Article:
It was the night before the Chinese New Year’s Festival when I cooked Boba Tea for the first time–in preparation for 200 guests. My apartment quickly filled with the fragrance of black tea as I dunked the handful of thirty-some tea bags into the bowl of hot water. Boxes of Lipton tea and empty tapioca ball wrappers were stacked on the ground.  In the kitchen were two giant pots of dark brown tapioca balls boiling. I poured some sugar into the pot and mixed the tapioca balls with the metal ladle. Their soft and slimy texture caused them to swirl inside the pot. I was excited to share with others a cup of delight.

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Hot boba milk tea
cold boba milk tea

Influenced by the Taiwanese’ historical tea culture, Boba milk tea, also known as bubble tea or pearl milk tea, was invented by a tea house owner in Taichung, Taiwan in the 1980s. It is typically served with a sweetened milk tea base of your choice (Oolong tea, green tea, etc.), and chewy and silky black tapioca balls. Hot bobas are usually served in a teapot of milk, tea, and a mug of tapioca balls. Cold bobas are served in a plastic cup with a thick straw big enough for the tapioca balls to come through. The drink can vary in size and consistency, and can be customized however you want. If you’re a fruit person, you can include a fruit of your choice (honeydew, lychee, mango, passion fruit, strawberry, etc. you name it!) ice-blended into a smoothie as your base of your drink. If you’re a coffee or a tea person, you can choose from Vietnamese coffee, Thai tea, and various other tea and coffee types.

The Boba milk tea sensation has been growing and trending all over the world. In the last decade or so, Boba tea shops have spread in Asian cities including Hong Kong, Beijing, and Seoul. The Asian American communities in various locations in America including California and New York have also been enjoying boba in Chinatown restaurants. This sensation resembles how fro-yo (frozen yogurt ice-cream) spread from Seoul, Korea, to the U. S. population. However, Boba’s popularity is growing above and beyond that of fro-yo’s–its popularity has grown in Europe to the point where McDonald’s in Germany has started selling boba since last year (click here for the related article).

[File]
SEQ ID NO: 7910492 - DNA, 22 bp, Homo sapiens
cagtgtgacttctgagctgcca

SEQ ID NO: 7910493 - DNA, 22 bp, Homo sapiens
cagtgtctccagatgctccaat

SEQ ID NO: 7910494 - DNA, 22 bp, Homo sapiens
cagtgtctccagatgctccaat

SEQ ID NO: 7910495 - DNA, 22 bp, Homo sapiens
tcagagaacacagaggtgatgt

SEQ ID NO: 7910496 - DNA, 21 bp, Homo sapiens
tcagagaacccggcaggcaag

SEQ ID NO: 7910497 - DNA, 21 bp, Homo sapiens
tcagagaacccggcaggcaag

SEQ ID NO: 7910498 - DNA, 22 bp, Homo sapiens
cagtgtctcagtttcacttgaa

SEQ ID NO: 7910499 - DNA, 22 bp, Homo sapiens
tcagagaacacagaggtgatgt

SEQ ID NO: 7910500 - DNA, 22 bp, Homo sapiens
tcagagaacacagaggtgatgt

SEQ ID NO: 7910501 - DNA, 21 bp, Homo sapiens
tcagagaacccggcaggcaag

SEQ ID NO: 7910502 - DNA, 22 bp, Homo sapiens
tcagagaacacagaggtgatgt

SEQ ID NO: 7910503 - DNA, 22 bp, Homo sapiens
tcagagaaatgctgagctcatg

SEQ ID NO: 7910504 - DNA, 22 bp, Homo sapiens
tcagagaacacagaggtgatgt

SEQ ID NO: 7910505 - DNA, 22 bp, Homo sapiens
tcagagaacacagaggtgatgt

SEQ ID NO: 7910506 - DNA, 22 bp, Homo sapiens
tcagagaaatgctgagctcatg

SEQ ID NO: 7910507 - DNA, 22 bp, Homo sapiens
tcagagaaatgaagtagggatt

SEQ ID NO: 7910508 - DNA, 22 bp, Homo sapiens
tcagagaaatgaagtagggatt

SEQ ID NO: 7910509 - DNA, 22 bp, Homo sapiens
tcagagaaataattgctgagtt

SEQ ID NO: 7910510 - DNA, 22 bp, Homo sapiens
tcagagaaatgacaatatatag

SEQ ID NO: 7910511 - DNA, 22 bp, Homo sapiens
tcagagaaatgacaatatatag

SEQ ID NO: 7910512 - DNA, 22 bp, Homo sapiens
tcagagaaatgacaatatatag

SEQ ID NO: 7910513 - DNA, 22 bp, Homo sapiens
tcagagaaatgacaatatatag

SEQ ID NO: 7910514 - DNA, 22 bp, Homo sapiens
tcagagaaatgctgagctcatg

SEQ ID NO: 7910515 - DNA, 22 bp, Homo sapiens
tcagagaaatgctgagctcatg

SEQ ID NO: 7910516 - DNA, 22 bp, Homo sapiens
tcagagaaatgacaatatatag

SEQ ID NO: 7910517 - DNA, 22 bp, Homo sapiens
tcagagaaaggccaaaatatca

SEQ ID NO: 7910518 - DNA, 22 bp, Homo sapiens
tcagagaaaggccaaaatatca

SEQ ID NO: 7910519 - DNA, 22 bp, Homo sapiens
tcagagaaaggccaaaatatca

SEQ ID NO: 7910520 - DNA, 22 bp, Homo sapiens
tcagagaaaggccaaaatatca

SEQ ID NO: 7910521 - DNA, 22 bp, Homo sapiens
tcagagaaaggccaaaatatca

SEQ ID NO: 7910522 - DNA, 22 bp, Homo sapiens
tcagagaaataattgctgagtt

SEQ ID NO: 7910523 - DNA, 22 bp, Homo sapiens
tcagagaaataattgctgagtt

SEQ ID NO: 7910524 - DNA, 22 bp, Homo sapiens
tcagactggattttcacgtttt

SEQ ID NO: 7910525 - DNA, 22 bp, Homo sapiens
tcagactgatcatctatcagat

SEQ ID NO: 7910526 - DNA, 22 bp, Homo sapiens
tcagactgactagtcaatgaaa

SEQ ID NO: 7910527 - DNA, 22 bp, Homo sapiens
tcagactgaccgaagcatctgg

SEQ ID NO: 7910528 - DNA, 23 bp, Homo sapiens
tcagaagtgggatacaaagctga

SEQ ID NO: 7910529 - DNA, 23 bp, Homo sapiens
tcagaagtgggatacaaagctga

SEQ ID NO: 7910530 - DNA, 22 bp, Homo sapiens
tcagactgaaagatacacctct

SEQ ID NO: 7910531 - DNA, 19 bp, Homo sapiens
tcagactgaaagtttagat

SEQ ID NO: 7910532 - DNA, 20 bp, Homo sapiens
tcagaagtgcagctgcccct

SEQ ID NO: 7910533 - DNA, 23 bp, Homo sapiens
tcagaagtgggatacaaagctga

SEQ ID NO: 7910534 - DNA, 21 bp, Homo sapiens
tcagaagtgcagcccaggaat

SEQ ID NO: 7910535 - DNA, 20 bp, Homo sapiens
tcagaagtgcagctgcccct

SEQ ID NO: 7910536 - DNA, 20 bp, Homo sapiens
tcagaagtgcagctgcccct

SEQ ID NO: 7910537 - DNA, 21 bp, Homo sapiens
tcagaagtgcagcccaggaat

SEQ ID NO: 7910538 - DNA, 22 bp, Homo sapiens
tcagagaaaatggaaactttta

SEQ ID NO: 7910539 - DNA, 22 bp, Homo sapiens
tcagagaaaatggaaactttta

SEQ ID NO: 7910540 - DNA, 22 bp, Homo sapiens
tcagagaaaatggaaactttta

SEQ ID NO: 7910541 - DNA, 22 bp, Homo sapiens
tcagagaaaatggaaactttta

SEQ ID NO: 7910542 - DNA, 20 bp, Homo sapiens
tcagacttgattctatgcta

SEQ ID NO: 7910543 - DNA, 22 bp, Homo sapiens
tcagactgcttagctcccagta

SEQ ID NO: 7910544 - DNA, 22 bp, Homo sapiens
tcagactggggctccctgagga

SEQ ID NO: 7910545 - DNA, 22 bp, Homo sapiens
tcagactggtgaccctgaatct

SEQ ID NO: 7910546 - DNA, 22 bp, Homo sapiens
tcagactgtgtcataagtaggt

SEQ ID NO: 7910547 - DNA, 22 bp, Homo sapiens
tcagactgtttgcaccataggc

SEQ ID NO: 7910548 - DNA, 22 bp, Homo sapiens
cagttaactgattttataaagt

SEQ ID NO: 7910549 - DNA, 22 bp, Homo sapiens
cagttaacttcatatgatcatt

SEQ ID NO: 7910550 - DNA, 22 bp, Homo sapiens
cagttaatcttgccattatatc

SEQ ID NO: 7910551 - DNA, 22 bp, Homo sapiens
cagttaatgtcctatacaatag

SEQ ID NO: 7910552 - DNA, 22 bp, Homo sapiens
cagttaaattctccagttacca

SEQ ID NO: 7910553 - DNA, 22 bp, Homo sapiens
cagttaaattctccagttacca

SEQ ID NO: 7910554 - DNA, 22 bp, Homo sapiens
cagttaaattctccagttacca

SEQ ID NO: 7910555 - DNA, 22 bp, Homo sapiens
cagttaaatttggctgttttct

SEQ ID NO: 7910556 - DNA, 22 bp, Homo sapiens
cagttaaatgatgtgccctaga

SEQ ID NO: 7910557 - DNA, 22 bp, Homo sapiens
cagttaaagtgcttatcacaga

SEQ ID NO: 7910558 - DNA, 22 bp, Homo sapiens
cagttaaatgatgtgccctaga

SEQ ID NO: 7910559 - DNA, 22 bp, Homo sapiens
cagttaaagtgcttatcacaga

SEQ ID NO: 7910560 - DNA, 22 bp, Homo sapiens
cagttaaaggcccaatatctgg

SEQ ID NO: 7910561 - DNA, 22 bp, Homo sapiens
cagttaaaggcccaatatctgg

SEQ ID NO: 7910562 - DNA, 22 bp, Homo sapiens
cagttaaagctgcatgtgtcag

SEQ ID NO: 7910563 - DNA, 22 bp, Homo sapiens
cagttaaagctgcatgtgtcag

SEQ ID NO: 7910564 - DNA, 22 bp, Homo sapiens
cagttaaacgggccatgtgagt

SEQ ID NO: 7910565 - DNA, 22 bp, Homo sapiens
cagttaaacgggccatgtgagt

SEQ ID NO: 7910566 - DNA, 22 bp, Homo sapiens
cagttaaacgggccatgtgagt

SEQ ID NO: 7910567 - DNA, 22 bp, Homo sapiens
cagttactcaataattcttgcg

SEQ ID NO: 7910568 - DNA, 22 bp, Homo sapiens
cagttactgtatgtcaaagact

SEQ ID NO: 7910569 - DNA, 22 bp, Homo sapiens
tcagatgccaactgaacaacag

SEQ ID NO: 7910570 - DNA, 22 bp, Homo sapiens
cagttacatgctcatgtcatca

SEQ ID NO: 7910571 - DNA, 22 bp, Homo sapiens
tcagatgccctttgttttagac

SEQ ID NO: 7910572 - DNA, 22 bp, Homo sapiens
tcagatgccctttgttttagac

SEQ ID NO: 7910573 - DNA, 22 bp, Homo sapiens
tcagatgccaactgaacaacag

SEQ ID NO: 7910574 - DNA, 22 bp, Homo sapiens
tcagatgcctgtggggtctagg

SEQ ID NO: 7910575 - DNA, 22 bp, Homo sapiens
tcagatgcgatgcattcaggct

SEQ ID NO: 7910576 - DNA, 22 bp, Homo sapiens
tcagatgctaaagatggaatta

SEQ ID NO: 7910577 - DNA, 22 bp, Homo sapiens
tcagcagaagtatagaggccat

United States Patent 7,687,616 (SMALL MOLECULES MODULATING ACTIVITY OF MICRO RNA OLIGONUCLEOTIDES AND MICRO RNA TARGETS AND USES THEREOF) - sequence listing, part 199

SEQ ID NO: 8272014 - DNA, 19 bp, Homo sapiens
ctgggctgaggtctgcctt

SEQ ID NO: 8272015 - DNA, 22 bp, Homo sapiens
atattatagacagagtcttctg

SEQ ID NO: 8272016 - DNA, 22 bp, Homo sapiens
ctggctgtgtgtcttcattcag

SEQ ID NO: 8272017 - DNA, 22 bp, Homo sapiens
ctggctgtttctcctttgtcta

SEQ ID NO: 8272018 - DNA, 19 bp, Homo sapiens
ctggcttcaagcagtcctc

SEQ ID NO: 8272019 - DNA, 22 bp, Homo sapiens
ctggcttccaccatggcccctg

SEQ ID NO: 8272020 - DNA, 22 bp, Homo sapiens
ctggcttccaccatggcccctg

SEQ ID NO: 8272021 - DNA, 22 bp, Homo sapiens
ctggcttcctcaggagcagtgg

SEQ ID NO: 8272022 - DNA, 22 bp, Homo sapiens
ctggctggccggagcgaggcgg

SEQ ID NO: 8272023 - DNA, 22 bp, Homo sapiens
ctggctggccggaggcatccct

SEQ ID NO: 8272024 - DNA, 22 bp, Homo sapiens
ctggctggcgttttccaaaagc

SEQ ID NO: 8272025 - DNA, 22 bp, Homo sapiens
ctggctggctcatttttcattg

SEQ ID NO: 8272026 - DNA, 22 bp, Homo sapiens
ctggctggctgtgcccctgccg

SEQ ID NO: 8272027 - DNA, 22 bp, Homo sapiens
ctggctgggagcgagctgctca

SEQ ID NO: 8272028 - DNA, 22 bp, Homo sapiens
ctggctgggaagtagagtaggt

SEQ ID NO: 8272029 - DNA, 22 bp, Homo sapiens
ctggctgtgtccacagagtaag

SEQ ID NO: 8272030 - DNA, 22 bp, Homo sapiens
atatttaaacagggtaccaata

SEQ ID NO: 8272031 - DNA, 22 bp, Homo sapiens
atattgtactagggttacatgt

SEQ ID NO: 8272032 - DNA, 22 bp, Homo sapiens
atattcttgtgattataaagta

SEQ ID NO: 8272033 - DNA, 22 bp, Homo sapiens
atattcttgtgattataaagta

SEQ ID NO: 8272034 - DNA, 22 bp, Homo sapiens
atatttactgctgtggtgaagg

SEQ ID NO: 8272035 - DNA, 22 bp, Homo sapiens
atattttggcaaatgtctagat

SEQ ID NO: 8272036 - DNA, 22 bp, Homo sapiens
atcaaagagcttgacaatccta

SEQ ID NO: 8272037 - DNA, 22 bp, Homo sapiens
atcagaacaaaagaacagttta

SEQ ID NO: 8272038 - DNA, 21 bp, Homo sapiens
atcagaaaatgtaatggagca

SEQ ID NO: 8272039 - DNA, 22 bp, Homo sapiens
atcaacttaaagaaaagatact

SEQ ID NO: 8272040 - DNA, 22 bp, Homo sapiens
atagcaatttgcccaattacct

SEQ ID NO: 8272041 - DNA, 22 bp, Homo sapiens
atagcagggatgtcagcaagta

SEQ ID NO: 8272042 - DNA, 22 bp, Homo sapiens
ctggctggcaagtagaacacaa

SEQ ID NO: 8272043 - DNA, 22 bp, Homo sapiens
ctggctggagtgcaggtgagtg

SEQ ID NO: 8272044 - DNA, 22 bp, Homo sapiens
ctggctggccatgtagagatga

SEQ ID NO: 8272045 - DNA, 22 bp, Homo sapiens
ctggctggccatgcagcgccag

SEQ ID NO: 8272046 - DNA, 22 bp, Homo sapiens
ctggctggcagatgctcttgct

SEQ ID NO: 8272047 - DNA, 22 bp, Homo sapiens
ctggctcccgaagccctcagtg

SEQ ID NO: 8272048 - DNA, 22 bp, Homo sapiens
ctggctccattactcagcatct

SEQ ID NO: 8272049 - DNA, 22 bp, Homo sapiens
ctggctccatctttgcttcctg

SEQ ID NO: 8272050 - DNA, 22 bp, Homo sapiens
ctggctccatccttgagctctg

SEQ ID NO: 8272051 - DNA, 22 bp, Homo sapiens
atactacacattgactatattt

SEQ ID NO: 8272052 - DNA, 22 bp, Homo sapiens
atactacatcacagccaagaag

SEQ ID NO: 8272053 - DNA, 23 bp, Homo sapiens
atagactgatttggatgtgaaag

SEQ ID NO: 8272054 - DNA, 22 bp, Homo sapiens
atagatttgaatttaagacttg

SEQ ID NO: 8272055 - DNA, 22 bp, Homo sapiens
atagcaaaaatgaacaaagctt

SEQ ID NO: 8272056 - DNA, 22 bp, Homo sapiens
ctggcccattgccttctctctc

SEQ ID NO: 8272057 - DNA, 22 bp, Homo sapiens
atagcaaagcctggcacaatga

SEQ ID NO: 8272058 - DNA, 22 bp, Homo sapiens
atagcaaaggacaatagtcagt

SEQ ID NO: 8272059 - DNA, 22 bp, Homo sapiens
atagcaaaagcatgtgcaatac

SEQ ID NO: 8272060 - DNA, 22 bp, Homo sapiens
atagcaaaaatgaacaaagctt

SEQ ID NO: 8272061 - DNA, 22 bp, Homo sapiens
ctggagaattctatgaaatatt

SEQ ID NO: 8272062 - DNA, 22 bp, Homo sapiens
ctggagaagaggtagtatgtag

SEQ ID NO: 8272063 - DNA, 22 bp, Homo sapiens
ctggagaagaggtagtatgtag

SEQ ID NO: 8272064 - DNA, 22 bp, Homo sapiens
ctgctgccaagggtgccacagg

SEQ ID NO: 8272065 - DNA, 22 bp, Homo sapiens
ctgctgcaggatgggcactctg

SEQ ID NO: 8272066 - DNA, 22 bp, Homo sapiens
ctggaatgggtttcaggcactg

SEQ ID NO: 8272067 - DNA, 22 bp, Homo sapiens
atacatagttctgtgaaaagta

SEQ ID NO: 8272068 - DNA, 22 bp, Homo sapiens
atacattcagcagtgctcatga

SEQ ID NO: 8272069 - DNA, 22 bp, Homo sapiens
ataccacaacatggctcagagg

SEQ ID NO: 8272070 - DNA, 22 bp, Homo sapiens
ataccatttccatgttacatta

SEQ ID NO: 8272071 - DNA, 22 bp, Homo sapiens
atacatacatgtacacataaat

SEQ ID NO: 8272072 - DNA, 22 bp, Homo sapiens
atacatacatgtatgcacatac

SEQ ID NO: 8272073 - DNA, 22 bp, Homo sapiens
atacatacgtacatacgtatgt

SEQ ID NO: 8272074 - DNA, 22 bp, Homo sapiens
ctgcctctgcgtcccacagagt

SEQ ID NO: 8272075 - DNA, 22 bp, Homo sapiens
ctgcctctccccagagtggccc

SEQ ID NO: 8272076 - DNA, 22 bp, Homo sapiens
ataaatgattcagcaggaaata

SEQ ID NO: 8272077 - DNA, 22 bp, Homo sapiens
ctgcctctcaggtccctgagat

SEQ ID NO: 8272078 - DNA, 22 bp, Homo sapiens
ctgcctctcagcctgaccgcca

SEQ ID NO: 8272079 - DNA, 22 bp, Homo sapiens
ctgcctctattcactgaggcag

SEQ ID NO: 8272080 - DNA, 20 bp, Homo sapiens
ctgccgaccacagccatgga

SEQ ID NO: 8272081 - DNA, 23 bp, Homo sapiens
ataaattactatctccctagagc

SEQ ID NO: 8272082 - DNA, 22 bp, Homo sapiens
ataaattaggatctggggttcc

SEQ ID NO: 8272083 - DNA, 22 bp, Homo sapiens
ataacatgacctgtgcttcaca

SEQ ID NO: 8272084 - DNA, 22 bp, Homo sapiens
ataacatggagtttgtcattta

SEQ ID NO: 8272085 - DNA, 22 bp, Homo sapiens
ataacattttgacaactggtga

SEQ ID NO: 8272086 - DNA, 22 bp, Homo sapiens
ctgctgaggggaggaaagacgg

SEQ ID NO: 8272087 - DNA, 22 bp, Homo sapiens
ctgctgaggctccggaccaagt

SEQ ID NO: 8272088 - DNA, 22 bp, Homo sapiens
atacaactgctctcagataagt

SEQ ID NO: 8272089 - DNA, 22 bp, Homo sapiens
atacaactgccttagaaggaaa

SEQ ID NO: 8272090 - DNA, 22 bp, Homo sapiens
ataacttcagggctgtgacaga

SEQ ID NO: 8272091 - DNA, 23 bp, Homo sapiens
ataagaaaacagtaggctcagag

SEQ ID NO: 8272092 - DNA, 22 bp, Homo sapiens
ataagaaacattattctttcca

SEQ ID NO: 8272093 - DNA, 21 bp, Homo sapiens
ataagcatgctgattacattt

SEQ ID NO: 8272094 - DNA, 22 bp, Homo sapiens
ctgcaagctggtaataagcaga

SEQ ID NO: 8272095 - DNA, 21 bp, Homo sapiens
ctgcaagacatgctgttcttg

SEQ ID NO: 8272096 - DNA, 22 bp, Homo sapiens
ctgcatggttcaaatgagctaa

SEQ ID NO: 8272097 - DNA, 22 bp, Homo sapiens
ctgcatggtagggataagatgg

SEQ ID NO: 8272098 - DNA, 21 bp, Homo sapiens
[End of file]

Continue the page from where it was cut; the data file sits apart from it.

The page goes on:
“Bubble Tea” Facebook Page Fan Statistics

The trend is growing and attracting the U. S. Millennials in particular. The boba tea lounges are opening up in various places over U. S., providing another option for the Millennials to choose a place to hang out with friends other than coffee shops. The trend is also growing bigger as celebrities including Lindsey Lohan and Alyson Hannigan were caught in photographs while holding boba tea in their hands (click here for images). People are starting to search and hash-tag “bubble tea” on their social media websites as well. According to Socialbaker.com, the statistics show that fans for the keyword “bubble tea” have been gradually increasing over the last six months.

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Boba was a hit during my Chinese New Year’s festival. Many people were initially hesitant to taste the bubbles (tapioca balls)–I saw people pull out their straws a little higher so they could taste the tea before the bubbles. When they found tea to be delicious, eventually they stuck their straws down, and slowly picked out a bubble and tasted it. Some people didn’t like their chewiness, but many others came to like it.

“Hmm, interesting…I think I like it!” one friend told me.

I saw an exchange of culture happen in this act of giving and receiving. So here’s to more boba.